Why is bass fishing good in shallow water early and late each day? The answer is because the shad have already moved in for the night, or have not left for the day. Why does the morning action frequently end just after the sun peeks over the trees? Because the shad have left and the bass are following, but not necessarily feeding on them.

Dance Keeps Track

Consider Danceís experience on Rayburn: "In September, 1970, I was competing in the Texas National B.A.S.S. tournament on Sam Rayburn," recalls Dance, "practicing in a small creek that contained open water near its mouth and heavy standing timber in the back. About 7 a.m. I heard a lot of feeding activity in the timber, and when I eased my boat into position, I was able to catch several bass before they disappeared.

"As I was sitting there, the feeding started again about a hundred yards away. The school of bass was heading out of the creek toward the main lake, and before they went back down, I caught three or four more."

"That morning I followed those bass for an hour and a half as they traveled from the creek all the way out into the main lake and into the timber of the Black Forest where they finally disappeared. I followed those bass every morning like that for 10 straight days. The shad were migrating from the Black Forest to that creek at night, then moving to the main lake again early each morning, and the bass were following them."

Professional fishing guides who have been able to follow shad migrations like Dance describes, believe bass are more likely to attack the baitfish when the shad school becomes more compressed, packed tightly together. Or, when the school is forced closer to the surface, such as when the shad move over an obstacle like a hump, roadbed, or submerged fenceline. That way, escape options are more limited for the shad and the bass certainly do not have to chase them as far.

Ambush Techniques

Even more exciting, perhaps, is the knowledge or fact that if these "ambush points" can be identified, thereís a good chance bass will attack them there again that evening when the threadfin migrate back through on their way back to the shallows.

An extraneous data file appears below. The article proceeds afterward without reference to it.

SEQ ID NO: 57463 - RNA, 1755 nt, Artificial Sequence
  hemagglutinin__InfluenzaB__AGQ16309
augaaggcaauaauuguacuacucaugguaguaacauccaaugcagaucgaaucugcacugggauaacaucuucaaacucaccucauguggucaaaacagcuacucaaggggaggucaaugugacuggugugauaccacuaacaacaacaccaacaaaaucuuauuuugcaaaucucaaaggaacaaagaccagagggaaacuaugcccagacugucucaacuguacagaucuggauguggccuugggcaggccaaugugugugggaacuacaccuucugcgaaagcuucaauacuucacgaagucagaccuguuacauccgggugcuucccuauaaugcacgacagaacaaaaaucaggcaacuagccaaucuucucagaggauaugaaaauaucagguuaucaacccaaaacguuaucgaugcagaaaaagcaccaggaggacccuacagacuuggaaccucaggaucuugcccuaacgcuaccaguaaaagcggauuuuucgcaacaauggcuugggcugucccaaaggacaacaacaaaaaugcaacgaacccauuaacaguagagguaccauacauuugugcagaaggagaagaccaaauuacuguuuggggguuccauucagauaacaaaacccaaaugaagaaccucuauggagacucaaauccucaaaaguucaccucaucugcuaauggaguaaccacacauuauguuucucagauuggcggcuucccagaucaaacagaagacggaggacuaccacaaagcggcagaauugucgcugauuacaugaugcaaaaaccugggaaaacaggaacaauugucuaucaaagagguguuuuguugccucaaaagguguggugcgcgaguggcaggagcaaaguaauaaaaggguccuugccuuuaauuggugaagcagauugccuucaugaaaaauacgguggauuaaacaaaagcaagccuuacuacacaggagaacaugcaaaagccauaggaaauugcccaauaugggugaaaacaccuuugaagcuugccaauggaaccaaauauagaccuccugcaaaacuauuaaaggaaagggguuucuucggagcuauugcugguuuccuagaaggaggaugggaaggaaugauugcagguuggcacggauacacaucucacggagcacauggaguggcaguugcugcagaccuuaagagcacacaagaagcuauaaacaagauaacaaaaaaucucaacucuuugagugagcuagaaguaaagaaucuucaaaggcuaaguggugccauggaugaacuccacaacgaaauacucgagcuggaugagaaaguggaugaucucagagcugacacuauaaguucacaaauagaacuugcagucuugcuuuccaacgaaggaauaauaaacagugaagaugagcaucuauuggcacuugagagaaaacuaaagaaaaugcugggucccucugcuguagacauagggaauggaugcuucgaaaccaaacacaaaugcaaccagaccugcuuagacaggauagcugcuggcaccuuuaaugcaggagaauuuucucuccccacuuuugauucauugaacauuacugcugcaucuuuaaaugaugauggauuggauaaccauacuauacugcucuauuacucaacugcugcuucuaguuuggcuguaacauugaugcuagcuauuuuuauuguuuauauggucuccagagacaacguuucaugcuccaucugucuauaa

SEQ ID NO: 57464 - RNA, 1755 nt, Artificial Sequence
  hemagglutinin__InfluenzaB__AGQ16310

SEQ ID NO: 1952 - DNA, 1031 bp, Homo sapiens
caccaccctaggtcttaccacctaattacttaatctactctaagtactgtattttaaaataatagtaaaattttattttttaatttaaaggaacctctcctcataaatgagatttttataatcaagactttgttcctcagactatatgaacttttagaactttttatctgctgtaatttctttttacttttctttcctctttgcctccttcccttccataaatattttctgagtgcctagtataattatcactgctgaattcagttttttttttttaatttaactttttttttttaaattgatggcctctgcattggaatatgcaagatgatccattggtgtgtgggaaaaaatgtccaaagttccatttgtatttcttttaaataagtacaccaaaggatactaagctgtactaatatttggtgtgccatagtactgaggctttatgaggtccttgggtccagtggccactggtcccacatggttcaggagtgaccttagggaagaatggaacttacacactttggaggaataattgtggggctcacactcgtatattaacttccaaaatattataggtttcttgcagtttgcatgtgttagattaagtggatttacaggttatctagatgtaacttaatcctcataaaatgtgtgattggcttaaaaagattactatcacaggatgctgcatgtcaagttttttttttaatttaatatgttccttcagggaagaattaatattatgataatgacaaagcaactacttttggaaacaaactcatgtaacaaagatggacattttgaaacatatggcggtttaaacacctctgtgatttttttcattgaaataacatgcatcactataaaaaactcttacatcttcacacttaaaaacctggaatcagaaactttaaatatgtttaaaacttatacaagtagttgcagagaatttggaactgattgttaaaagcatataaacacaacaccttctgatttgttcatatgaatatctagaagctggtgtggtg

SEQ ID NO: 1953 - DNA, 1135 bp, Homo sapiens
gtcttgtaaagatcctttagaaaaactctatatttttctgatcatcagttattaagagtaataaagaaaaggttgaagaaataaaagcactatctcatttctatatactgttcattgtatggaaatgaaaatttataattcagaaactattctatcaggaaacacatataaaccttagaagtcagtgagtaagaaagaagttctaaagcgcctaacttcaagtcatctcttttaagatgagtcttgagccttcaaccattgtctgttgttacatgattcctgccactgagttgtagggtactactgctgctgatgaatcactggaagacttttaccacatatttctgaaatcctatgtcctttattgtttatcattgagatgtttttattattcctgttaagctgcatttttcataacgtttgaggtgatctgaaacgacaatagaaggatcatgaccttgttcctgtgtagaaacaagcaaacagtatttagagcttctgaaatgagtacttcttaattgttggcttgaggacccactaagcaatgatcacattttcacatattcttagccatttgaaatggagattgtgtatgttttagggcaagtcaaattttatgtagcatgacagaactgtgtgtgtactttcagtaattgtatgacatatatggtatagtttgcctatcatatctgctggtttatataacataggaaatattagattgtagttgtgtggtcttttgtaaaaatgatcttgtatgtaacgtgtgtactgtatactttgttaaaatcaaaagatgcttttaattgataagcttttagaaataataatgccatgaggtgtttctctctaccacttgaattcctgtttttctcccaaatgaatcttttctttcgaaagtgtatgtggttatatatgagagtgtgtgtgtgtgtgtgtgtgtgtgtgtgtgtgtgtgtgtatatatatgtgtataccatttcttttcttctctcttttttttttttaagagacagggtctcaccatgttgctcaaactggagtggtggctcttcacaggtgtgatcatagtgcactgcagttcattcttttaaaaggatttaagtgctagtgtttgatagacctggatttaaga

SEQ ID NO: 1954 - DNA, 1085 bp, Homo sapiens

What do you look for in a shad migration route? Itís difficult to pinpoint anything precisely because much depends on the characteristics of the lake. Perhaps the best thing to do is immediately check any areas where you see and experience surface activity between bass and shad with a depthfinder to determine whatís on the bottom. The shad may be following a ditch, small creek channel, or some other specific terrain feature you may then be able to backtrack to their nightly hideout.

When do shad migrations take place? Again, the answer depends on the lake as well as on their temperature driven spawning cycle. Threadfin shad spawn in shallow water coves from late April into July, depending on the surface water temperature. The optimum spawning water temperature is 68 degrees.

Threadfin shad grow rapidly - life expectancy is two to three years - and the migrations from shallow cover to open water tend to occur from late spring throughout the summer and well into autumn. Again, much depends on the lake; the amount and location of phytoplankton and zooplankton, and water temperature. Threadfin shad cannot tolerate cold temperatures and actually begin dying (winter kill) when the water reaches approximately 45 degrees.

Find the Current

Threadfin shad have another habit that may help observant fishermen catch bass. They appear to be attracted to slight current during times of high water. A recent national B.A.S.S. tournament was won on Table Rock Lake in Arkansas by an angler (a guide on Lake Ouachita in Arkansas) who found huge schools of shad in the back of a small cove fed by two little creeks.

The angler had never fished Table Rock prior to the tournament but saw water and shad conditions similar to those he frequently fished on Ouachita. That small cove produced five limits of bass in two days and at least one more limit (the winnerís) the final day. This on a lake in which more than 90 contestants blanked the first day!

Obviously, there is much more to be learned scientifically about threadfin shad and their direct relationship to bass. And just as obviously, every bass fisherman owes it to himself to increase his own knowledge of this tiny fish. The popular adage, "Find the bait and youíll find the bass," is certainly true in the case of the threadfin shad.